( SERVES 8 )
The kitchen smelled wonderful when I cooked this tart and I soon found I could hardly move as my family gathered, anxious to find out what was cooking.
On hearing it was treacle tart, the Harry Potter fan in the house was delighted. "That's Harry's favourite dessert!" she said.
Although when she saw it cooked on the plate, she was a little underwhelmed.
It really is a bit of brown stuff on some pastry, but it does taste sweet and warming.
You'll also be very popular with the kids or grandchildren if you make this for them and, according to my research, treacle tart is cockney rhyming slang for "sweetheart" so you can have a bit of fun with that
too if you like.
My only memory of treacle tart is from my favourite movie as a child, Chitty Chitty Bang Bang, when the child catcher lures the children by promising a taste of it.
Treacle is a by-product of sugar refining and is a tacky, dark substance. You can use golden syrup instead but you would lose the lovely deep, dark brown colour of the tart. And because treacle is so unrefined it still has a lot of stuff in it which is good for you - iron, calcium, B vitamins and minerals. It's practically a health food!
Treacle tart is a traditional English dessert that is usually served with clotted cream.
It's a great way to use up stale bread, which you make into breadcrumbs for the filling. For a sweet tooth, it's a better than something with pure white sugar which has had all the goodness refined out of it.
My favourite discovery while making this tart, however, was the shortcrust pastry. I've never made it from scratch before and the use of lard in this meant it was crispy and sweet, and totally divine. It took no time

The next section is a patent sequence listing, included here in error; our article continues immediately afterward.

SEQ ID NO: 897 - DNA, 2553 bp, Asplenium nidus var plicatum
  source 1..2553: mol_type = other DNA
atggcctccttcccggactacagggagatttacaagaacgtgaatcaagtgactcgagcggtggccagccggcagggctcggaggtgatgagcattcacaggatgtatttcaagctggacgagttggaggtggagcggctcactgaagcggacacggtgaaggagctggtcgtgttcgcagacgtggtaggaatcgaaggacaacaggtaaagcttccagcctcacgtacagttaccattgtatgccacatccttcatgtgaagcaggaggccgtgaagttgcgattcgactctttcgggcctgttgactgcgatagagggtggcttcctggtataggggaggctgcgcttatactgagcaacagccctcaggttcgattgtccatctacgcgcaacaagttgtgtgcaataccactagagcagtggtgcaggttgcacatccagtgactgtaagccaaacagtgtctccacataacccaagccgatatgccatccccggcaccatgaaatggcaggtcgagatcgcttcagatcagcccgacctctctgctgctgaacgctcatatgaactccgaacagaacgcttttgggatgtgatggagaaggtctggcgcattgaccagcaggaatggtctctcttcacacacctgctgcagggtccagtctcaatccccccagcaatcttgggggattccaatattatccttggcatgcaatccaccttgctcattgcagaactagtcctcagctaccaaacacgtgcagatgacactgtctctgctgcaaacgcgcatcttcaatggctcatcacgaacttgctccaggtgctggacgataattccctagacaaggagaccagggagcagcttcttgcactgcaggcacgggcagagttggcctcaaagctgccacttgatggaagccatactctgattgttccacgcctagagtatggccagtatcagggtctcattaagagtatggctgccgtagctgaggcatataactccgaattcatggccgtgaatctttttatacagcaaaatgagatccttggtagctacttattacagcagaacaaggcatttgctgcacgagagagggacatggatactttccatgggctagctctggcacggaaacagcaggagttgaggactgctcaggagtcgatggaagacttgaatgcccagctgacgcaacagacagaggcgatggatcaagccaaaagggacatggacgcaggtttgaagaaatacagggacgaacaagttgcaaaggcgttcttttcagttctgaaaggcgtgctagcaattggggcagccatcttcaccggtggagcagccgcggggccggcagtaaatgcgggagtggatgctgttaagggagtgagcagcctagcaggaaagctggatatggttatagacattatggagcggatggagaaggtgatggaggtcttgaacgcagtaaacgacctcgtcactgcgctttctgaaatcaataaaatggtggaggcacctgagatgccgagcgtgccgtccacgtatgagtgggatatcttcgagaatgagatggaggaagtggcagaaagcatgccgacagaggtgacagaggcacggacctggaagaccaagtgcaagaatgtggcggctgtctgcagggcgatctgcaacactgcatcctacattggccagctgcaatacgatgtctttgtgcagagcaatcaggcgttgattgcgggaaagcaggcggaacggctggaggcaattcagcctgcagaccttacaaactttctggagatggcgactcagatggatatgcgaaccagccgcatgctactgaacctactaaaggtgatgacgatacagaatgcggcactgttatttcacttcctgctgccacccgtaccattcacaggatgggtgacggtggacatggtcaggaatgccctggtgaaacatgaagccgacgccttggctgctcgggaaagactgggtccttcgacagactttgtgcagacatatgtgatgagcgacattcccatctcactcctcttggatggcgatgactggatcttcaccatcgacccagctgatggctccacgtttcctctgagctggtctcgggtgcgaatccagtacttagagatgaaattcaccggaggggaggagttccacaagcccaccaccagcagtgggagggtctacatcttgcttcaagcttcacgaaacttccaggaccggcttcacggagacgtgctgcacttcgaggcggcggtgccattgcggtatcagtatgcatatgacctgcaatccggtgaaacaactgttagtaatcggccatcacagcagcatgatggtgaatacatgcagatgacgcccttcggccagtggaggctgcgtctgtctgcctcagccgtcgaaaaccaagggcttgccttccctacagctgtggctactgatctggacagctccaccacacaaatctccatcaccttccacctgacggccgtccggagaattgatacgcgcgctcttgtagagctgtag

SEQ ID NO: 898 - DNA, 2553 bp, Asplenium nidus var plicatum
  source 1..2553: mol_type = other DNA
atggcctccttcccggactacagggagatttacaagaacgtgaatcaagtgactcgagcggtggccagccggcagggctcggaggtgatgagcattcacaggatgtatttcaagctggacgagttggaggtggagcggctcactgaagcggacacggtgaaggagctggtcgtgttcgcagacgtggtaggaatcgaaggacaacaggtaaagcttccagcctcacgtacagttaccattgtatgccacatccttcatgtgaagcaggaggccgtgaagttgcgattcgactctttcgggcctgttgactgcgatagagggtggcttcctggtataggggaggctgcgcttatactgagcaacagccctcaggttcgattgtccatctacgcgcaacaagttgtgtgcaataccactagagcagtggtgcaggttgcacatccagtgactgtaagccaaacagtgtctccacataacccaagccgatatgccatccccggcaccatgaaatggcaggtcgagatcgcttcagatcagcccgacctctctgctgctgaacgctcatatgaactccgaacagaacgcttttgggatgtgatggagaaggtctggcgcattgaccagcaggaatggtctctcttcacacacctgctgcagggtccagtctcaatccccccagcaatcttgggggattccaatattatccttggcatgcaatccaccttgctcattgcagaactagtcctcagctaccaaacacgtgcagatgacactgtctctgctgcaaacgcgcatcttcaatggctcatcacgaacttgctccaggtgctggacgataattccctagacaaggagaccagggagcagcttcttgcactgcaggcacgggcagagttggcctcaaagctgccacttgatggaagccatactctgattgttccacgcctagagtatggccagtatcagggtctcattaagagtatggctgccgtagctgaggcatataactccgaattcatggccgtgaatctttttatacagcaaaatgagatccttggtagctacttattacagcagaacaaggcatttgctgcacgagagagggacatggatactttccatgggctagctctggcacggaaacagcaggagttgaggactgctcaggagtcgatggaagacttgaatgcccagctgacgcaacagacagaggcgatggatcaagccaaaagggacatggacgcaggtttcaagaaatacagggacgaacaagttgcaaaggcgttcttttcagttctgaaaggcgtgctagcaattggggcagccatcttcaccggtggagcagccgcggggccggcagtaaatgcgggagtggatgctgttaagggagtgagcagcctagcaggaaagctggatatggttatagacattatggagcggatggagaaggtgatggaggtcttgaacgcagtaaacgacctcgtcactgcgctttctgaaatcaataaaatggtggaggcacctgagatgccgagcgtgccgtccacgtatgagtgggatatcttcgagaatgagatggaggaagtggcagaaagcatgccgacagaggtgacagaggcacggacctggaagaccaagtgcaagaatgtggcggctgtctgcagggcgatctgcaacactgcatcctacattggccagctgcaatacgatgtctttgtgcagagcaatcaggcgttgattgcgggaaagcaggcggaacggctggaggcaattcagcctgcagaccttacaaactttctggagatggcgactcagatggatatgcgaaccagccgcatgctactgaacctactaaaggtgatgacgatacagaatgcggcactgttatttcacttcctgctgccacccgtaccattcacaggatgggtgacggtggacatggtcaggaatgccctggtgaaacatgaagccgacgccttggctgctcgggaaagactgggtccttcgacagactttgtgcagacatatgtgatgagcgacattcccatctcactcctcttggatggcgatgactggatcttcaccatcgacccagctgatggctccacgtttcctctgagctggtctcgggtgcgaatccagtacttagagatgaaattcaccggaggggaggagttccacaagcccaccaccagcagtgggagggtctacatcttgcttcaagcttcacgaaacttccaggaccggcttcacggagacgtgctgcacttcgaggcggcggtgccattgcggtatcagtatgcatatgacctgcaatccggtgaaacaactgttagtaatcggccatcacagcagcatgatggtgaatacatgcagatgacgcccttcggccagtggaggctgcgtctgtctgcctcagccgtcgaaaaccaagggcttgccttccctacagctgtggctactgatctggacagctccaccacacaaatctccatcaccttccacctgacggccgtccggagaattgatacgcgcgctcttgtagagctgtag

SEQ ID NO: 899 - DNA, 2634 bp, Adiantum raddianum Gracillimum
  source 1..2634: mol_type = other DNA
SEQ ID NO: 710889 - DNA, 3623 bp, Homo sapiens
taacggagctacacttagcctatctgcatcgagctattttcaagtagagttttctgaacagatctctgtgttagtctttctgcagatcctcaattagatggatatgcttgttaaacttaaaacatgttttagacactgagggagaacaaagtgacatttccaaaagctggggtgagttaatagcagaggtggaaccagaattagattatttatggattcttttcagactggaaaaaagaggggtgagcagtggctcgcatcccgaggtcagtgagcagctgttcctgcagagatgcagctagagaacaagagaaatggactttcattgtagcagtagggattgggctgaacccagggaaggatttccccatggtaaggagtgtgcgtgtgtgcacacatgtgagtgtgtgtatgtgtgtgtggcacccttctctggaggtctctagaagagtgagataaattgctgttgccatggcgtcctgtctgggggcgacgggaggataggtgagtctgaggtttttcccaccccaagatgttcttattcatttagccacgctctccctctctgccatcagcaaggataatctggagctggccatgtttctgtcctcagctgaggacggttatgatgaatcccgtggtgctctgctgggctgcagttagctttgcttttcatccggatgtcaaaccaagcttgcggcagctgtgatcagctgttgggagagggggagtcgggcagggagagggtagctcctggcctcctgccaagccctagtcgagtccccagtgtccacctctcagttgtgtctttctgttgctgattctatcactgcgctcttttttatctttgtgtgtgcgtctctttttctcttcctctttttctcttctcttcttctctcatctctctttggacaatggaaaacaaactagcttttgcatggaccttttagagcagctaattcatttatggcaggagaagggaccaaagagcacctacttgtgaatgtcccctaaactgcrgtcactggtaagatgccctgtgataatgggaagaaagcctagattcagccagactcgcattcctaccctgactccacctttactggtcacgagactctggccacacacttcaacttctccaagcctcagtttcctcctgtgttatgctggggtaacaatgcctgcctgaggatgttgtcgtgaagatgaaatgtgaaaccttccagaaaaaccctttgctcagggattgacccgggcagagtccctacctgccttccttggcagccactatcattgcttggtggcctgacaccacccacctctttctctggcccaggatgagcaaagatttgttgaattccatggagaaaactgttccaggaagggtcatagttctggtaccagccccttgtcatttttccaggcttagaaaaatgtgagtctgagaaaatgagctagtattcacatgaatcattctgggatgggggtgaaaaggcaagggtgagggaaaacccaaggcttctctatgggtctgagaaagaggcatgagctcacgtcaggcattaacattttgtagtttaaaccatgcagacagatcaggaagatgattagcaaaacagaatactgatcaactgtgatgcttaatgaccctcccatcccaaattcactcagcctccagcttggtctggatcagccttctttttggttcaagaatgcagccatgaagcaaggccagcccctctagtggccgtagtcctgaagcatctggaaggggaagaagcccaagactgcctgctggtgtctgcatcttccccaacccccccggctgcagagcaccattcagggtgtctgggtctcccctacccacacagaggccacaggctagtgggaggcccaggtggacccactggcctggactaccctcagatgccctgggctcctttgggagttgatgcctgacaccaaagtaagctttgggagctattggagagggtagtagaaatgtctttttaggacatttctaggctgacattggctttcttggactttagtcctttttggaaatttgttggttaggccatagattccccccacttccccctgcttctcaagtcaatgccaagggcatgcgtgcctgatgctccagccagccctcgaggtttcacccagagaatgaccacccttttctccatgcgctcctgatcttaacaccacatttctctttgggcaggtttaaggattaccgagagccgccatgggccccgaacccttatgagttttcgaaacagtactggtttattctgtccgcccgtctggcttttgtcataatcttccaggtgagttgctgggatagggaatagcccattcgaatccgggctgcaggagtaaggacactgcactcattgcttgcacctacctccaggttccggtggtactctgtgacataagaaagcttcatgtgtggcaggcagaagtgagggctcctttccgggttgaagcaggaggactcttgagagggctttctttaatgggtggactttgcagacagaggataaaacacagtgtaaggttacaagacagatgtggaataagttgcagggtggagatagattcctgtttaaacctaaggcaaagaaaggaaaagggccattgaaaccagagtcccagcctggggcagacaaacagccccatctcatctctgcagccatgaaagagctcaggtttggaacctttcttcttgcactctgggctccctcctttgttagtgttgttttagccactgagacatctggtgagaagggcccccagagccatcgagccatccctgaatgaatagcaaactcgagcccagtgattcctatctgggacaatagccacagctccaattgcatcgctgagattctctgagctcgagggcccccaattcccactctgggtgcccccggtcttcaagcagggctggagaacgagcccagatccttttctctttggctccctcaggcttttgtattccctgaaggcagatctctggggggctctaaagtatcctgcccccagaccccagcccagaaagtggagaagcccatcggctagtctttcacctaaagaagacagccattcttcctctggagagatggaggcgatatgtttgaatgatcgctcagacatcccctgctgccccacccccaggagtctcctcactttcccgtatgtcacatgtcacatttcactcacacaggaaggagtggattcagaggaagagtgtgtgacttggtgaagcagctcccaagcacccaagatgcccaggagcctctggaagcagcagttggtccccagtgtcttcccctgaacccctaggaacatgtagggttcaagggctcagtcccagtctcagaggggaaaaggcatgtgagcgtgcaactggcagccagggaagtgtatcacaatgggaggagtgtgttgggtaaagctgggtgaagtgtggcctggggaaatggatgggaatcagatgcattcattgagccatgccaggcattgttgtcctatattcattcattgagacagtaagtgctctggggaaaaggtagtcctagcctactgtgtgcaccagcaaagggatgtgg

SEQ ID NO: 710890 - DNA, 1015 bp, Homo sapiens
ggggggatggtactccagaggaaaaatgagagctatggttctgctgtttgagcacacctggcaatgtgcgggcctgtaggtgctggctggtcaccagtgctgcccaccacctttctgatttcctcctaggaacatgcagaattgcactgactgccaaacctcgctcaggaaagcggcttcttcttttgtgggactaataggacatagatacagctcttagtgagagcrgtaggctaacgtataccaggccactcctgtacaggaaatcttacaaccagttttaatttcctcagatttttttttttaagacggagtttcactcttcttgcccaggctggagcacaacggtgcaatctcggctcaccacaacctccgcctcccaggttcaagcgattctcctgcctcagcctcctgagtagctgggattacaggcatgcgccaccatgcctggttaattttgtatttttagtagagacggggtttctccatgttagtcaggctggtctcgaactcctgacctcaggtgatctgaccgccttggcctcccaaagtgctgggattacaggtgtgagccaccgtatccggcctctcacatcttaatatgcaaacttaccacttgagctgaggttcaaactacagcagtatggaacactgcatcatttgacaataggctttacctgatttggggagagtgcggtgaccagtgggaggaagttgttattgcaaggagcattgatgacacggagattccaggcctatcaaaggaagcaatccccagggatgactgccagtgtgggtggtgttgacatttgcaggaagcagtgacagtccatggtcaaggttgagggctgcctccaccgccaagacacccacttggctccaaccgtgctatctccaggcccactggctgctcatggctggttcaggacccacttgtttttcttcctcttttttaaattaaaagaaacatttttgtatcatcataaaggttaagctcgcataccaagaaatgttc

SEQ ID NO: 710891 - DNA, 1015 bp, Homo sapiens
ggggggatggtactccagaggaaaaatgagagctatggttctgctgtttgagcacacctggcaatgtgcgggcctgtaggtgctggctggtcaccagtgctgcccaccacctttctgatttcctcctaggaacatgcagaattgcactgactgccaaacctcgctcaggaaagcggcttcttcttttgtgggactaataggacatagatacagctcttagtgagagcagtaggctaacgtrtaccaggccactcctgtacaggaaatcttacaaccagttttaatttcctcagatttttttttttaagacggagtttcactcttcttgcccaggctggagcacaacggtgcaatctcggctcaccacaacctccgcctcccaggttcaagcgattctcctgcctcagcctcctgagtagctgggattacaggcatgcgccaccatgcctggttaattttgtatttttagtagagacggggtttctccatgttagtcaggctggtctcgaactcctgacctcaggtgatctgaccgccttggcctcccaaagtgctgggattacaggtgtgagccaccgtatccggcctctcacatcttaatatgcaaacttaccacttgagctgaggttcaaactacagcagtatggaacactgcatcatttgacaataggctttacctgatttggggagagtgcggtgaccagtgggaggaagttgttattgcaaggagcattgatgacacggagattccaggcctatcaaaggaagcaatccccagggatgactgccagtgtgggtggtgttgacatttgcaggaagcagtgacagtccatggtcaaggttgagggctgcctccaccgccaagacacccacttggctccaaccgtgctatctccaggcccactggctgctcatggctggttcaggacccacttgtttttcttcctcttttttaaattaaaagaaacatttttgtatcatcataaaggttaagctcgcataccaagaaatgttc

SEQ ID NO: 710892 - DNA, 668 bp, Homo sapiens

to make and will be very useful for any tarts I care to make in the future, so I'm going to be sure I don't lose this recipe.
If you have any left over I strongly recommend you roll it out, grab some jam and make a wee tart just for you.
- Sift the flour and salt into a bowl, then rub in the lard (or dripping) with your fingertips until you have a crumb-like consistency.
- With a knife, stir in a little cold water until it is just binding together. Be careful here because you don't want a sloppy consistency, it should be just holding together. Don't handle with your hands if you can help it as it likes to be kept cold.
- Roll out with a little flour very quickly and line a greased tin. You can decorate the edges if you like by folding over and crimping with a knife. Place the tin in the fridge for 20 minutes to cool.
- To make the filling: Mix the breadcrumbs, treacle (or golden syrup) and lemon juice together then press into the tart case. Bake in a 200 degC oven for 10 minutes, then reduce to 180 deg C for another 10 to 15 minutes. The tart is cooked when the pastry is golden.
- Serve with whipped cream, yoghurt or vanilla ice cream. You can flavour the ice cream with cinnamon if you like.